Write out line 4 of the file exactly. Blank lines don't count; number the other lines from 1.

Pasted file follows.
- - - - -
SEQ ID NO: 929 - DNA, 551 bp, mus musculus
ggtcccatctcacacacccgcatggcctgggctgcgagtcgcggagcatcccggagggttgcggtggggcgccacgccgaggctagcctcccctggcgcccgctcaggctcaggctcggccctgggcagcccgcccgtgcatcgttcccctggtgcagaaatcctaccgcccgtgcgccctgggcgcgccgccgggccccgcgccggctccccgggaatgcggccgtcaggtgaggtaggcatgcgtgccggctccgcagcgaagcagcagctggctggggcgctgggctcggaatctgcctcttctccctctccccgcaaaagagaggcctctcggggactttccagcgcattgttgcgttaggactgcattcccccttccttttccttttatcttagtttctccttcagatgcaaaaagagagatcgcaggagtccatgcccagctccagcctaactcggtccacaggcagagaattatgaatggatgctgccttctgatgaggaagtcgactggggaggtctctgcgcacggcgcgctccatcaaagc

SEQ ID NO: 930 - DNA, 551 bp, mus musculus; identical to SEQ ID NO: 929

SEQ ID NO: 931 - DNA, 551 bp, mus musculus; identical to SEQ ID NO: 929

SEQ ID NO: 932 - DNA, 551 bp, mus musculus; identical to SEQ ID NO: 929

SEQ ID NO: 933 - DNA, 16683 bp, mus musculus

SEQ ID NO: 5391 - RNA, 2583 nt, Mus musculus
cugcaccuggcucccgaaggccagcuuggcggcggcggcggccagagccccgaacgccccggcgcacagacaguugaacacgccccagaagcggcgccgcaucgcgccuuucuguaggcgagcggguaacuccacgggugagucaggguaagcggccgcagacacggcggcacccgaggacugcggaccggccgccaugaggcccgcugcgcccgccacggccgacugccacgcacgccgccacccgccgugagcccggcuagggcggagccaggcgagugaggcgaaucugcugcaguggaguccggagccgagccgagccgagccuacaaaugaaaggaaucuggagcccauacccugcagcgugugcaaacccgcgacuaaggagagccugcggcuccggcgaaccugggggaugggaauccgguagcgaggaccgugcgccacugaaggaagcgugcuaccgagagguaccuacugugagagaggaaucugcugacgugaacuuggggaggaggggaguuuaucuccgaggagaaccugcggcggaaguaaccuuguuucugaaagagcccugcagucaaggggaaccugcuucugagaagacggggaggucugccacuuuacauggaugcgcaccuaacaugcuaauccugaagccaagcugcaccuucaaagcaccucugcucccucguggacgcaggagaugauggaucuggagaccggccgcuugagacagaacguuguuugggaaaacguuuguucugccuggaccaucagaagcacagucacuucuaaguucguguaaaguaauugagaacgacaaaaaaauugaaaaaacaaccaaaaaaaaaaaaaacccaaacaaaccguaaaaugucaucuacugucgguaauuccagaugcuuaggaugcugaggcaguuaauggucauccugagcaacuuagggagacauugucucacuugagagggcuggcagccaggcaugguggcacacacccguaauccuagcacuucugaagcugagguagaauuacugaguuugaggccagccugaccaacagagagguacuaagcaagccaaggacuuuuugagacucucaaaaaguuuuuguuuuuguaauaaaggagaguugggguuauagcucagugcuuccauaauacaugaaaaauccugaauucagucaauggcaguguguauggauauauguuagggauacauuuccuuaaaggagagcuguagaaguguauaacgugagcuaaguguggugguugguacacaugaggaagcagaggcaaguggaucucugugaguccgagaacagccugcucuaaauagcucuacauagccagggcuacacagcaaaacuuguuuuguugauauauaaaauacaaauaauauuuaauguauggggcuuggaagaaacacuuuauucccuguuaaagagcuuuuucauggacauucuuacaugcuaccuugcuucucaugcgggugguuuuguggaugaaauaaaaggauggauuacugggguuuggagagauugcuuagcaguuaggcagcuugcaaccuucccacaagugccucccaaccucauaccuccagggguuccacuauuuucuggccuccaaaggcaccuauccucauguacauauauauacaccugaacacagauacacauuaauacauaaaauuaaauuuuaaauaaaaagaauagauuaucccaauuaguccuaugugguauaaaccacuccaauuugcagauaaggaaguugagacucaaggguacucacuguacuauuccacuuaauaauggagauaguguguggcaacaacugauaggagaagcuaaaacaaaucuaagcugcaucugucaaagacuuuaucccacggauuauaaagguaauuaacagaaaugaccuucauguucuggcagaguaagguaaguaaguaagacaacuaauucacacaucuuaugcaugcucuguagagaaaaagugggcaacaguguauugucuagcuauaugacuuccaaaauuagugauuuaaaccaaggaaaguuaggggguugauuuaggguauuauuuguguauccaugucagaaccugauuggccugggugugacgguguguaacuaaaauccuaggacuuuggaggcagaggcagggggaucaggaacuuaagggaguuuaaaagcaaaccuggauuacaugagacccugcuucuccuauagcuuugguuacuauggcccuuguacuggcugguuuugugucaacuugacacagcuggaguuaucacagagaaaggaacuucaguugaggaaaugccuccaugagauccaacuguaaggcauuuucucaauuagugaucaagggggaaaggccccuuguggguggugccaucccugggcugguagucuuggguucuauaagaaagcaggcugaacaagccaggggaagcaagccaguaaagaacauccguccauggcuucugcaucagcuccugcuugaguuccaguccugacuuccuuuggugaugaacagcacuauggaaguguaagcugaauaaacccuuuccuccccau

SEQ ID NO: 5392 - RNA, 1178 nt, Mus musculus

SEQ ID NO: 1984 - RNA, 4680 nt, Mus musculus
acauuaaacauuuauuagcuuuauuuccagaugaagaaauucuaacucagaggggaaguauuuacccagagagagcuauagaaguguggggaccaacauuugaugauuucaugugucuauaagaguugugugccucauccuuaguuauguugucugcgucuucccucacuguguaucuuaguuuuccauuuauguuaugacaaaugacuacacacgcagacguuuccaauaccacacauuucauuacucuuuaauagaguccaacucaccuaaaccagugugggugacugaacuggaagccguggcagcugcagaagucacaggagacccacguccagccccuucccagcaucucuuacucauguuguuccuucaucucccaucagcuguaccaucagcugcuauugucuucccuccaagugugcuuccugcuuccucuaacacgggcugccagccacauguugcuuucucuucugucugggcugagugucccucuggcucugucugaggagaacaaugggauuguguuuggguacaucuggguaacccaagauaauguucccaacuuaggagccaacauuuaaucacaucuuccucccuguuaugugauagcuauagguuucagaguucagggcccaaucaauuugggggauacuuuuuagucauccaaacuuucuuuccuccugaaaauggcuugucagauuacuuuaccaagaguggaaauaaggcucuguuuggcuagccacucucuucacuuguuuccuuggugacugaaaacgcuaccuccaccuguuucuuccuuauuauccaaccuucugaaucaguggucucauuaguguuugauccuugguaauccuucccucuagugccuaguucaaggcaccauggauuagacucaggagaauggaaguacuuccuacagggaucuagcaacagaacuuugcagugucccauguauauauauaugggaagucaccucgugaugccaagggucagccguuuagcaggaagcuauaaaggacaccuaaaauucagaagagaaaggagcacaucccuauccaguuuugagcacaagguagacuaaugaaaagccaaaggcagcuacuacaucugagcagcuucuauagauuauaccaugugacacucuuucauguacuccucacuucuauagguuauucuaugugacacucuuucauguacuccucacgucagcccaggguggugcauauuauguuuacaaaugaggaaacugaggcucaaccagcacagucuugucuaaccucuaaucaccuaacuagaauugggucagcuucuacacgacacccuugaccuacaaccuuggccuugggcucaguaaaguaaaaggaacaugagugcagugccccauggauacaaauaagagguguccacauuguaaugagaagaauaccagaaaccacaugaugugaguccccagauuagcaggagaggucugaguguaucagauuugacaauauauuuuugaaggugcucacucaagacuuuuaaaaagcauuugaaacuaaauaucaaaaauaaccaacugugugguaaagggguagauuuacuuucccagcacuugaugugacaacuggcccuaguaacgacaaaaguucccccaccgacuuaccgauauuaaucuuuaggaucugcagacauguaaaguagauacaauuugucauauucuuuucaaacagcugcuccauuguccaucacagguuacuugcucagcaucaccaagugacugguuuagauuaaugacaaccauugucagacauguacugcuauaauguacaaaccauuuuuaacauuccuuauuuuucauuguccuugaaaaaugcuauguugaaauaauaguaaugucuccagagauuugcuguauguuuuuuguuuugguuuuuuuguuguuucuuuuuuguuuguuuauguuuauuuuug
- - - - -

SEQ ID NO: 931 - DNA, 551 bp, mus musculus; identical to SEQ ID NO: 929